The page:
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May 25, 2018

La Salle sanctioned after selling historic art for university expansion projects

The Association of Art Museum Directors spoke out on Friday

Art Galleries Sanctions
04132018_LaSalleCampus_LU Source/La Salle University

The La Salle University campus in the Olney section of Philadelphia.

The Association of Art Museum Directors (AAMD) issued a statement on Friday that the group will impose sanctions on the La Salle University Art Museum and the Berkshire Museum after both institutions controversially sold landmark art works for profit.

In its statement, AAMD said both La Salle and Berkshire violated the core principals of art museums — that is, you're not supposed to use money from art sales for anything outside of the museum or acquiring more art.

"Selling art to support any need other than to build a museum’s collection fundamentally undermines the critically important relationships between museums, donors and the public," AAMD said in its announcement. "When museums violate the trust of their donors and the public, they diminish the opportunity and responsibility to make great works of art available to the public. This hurts the individual institution and affects the museum field as a whole."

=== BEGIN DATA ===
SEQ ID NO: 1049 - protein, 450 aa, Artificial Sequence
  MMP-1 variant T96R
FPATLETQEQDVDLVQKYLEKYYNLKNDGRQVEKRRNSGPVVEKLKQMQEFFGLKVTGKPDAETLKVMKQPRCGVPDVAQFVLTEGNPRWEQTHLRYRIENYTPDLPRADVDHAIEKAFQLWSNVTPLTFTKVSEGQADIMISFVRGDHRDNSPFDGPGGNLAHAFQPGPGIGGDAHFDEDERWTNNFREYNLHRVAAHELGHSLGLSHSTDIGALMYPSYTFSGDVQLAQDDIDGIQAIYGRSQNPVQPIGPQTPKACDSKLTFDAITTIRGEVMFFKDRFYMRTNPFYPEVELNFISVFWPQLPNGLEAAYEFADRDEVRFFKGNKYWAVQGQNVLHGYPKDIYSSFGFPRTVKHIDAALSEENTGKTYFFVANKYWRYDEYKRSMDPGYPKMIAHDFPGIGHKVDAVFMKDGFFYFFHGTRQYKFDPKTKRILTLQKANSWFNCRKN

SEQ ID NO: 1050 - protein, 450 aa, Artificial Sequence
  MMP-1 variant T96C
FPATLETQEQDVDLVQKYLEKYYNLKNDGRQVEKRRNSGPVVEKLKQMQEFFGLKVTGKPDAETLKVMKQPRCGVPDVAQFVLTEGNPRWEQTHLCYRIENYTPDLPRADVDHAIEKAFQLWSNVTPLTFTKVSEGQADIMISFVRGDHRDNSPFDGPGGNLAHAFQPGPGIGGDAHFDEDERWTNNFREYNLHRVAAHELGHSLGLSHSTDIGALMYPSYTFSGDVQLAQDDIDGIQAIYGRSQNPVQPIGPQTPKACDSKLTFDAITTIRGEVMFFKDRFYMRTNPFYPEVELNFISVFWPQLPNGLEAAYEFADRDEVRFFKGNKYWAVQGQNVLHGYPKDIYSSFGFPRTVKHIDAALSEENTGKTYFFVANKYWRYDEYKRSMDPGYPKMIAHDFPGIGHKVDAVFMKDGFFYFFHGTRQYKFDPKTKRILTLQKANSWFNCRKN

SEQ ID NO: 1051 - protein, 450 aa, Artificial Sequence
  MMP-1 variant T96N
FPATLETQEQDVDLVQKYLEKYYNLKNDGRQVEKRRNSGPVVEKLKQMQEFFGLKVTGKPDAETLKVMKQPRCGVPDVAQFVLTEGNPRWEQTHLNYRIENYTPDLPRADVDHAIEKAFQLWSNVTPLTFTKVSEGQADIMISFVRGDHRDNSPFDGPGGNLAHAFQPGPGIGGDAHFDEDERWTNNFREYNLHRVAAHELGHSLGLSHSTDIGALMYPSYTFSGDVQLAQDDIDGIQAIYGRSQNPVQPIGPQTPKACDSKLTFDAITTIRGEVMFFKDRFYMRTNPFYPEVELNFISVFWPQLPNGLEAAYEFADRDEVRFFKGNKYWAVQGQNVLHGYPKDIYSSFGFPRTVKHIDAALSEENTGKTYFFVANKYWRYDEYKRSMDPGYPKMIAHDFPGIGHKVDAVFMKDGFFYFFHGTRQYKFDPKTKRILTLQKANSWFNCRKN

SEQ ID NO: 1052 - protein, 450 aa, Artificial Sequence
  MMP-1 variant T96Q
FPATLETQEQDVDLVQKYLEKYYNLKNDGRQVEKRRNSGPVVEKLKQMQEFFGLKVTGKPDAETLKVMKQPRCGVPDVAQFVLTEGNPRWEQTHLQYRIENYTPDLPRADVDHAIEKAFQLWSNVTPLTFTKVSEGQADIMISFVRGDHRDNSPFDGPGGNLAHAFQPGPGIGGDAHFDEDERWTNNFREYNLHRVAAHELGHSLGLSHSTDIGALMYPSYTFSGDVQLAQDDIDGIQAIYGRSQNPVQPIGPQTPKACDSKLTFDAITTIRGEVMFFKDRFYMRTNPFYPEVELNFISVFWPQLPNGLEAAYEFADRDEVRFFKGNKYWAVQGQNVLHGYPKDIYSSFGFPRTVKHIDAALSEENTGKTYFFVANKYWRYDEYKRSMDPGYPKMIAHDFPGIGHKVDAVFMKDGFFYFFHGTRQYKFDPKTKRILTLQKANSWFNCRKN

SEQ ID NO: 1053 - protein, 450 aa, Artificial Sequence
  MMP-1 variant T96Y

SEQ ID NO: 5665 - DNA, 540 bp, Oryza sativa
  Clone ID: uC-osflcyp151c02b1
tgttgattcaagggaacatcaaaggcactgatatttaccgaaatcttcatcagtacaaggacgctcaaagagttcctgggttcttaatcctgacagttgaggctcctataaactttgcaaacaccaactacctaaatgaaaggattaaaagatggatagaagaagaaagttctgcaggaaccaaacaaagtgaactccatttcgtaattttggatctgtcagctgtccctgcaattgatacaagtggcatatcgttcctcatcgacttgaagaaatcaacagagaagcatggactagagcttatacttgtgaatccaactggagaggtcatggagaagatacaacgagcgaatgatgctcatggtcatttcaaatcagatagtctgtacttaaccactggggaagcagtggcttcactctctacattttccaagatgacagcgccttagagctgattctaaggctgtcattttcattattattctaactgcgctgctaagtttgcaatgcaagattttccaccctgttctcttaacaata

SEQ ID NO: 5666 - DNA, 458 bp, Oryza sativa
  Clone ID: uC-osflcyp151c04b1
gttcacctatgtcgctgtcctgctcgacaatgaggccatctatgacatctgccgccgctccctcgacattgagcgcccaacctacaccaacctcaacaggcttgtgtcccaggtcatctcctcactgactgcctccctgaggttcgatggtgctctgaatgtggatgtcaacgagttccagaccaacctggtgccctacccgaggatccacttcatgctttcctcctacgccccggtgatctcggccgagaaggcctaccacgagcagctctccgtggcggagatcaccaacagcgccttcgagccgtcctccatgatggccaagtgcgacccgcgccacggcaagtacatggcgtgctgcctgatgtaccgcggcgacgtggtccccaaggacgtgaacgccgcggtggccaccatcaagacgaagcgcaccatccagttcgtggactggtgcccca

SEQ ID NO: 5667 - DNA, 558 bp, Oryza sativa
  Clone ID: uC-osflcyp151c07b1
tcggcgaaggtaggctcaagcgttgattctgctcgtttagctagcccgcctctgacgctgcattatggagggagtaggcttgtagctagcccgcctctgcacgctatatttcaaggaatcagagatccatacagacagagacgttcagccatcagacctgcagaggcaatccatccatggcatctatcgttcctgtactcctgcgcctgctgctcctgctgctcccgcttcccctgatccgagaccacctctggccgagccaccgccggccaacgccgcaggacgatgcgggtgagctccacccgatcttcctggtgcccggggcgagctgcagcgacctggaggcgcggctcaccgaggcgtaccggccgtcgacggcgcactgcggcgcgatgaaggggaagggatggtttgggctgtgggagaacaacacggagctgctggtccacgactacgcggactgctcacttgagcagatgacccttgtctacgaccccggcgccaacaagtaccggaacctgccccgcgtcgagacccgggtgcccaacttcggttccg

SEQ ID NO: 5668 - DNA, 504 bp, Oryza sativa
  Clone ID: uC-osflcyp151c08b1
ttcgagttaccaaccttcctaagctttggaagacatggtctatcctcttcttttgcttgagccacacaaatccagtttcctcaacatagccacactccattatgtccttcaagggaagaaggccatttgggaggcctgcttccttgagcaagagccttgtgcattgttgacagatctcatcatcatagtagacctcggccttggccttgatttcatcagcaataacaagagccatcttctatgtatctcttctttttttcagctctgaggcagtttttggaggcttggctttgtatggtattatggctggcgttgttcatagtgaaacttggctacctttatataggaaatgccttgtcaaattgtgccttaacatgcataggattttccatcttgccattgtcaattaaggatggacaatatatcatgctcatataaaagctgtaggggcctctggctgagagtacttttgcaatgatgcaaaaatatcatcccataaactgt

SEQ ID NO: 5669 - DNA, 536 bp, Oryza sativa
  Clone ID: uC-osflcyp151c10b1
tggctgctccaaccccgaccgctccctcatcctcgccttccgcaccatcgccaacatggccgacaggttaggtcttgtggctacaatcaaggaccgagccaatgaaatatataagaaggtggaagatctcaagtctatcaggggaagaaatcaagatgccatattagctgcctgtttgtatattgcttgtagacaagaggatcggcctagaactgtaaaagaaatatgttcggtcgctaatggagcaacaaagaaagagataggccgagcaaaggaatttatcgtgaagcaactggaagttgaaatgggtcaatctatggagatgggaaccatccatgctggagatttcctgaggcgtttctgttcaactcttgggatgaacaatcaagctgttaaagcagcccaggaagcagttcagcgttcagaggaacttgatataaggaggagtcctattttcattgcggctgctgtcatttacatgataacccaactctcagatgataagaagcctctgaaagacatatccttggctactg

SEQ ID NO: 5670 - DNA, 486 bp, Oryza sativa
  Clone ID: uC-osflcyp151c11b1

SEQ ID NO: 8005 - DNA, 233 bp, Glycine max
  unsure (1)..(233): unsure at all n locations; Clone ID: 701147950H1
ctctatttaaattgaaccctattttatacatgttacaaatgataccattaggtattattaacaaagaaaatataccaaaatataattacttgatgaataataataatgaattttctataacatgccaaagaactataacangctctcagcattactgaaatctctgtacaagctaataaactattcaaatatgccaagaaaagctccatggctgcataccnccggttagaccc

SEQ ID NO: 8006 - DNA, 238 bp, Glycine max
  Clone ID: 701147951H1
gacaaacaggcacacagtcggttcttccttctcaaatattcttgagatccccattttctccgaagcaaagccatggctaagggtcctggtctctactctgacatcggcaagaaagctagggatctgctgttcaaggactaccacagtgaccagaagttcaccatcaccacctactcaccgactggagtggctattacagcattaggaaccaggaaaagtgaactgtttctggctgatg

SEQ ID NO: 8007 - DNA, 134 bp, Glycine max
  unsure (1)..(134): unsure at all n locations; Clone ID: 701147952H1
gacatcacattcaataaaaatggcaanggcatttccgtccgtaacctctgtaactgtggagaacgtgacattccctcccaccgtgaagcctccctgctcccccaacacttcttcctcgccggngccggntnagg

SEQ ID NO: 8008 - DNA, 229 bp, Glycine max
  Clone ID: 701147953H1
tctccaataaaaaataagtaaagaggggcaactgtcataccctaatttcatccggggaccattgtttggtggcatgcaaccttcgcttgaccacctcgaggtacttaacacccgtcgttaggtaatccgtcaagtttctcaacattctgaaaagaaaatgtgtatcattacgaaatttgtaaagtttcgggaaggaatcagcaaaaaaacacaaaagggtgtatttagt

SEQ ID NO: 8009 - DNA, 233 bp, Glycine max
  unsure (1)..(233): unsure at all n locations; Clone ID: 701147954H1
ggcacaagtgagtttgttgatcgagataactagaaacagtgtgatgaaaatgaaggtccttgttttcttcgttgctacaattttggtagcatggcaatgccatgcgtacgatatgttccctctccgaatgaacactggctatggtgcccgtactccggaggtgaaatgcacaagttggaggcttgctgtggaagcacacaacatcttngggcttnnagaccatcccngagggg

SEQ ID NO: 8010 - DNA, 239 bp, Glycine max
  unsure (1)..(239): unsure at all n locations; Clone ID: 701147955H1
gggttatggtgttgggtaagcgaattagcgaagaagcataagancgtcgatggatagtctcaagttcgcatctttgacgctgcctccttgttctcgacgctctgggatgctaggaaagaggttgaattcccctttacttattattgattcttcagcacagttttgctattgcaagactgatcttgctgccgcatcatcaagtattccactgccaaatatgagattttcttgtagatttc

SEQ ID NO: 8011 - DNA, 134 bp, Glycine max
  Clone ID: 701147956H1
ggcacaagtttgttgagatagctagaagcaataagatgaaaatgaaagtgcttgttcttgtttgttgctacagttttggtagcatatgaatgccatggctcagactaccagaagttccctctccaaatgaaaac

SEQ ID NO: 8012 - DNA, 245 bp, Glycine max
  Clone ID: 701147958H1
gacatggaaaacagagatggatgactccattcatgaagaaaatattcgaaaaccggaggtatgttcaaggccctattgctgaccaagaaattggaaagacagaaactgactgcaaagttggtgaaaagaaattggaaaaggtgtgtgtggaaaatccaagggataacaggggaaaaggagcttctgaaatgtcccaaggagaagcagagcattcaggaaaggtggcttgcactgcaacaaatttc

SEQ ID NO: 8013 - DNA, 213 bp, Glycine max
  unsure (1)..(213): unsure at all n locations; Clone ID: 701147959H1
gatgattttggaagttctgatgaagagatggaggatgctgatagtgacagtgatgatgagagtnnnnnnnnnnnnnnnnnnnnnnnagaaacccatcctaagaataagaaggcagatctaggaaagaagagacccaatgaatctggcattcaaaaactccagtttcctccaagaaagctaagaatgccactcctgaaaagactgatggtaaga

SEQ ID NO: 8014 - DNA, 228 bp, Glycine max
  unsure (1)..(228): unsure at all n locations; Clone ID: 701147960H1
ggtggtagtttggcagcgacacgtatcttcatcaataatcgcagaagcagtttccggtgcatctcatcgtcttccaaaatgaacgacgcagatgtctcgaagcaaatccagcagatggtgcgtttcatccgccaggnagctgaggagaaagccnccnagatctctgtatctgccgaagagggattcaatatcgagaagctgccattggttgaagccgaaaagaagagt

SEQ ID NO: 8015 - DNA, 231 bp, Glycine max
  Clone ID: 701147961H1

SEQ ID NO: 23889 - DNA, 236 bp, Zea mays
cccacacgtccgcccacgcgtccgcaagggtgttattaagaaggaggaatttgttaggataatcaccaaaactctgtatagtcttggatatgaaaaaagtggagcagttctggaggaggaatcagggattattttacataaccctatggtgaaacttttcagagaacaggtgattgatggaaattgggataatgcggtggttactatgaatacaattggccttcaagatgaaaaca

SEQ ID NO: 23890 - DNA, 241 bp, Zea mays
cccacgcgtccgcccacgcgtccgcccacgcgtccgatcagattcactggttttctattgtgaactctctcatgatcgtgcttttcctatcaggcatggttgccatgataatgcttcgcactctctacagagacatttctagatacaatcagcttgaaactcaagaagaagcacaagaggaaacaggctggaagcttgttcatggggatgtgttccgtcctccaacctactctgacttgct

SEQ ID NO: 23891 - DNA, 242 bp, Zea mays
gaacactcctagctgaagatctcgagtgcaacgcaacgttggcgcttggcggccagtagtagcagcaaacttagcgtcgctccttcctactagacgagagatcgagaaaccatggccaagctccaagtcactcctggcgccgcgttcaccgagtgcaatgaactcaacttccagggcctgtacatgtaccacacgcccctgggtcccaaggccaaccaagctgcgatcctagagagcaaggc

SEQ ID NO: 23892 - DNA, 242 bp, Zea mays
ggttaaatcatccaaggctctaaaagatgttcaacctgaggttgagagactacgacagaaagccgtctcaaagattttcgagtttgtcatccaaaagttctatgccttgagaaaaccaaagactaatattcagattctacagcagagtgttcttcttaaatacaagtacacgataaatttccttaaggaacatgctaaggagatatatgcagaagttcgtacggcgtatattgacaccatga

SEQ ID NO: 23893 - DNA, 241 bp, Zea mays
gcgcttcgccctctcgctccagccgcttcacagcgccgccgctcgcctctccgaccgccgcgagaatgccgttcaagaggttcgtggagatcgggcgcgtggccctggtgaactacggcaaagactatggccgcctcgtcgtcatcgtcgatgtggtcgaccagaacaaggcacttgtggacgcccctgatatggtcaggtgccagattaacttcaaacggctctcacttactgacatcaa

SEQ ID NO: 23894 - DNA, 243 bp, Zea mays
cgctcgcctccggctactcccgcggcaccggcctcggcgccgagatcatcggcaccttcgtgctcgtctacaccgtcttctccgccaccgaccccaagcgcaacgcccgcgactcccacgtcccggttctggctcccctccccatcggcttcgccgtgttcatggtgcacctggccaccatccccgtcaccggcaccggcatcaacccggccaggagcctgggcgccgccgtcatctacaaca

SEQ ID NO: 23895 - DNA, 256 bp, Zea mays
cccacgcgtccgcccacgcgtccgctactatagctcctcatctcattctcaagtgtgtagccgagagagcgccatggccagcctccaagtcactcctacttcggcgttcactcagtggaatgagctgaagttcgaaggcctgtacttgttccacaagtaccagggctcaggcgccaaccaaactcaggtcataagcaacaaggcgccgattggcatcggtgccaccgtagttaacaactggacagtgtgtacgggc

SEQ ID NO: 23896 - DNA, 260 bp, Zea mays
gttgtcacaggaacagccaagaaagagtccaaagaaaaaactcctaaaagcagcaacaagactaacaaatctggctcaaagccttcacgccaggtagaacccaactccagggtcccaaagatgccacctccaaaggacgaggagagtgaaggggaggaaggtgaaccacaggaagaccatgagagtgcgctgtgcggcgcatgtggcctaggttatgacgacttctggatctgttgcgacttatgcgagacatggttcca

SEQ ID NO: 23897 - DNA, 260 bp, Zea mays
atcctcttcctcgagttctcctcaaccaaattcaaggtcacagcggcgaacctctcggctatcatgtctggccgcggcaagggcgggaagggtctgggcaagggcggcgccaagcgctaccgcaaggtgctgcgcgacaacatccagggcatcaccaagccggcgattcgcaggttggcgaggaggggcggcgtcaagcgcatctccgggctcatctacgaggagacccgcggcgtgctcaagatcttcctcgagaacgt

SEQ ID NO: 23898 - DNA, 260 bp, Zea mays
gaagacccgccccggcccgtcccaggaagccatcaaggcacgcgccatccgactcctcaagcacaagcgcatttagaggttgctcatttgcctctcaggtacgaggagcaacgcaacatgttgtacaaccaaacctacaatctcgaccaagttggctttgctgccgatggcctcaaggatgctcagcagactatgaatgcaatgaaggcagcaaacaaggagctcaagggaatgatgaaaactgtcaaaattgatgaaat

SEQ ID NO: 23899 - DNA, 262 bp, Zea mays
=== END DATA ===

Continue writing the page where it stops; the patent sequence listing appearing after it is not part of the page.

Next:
The sanctions are effective immediately and impose that none of the association's 243 members can lend works, borrow works or collaborate on any exhibits from the Berkshire or La Salle museum. 

At a New York auction in April, 22 works from La Salle were sold for a total of $2.4 million. Seven works failed to sell at all.

The announcement from La Salle shocked the art world and students. Student groups protested the move fiercely on campus, and AAMD issued warnings that the institutions would be violating AAMD policies. But La Salle nor Berkshire is a member of AAMD, and the sales were complete.

The last time sanctions like this were imposed was in June 2014 on the Delaware Museum of Art, and they are still in place today.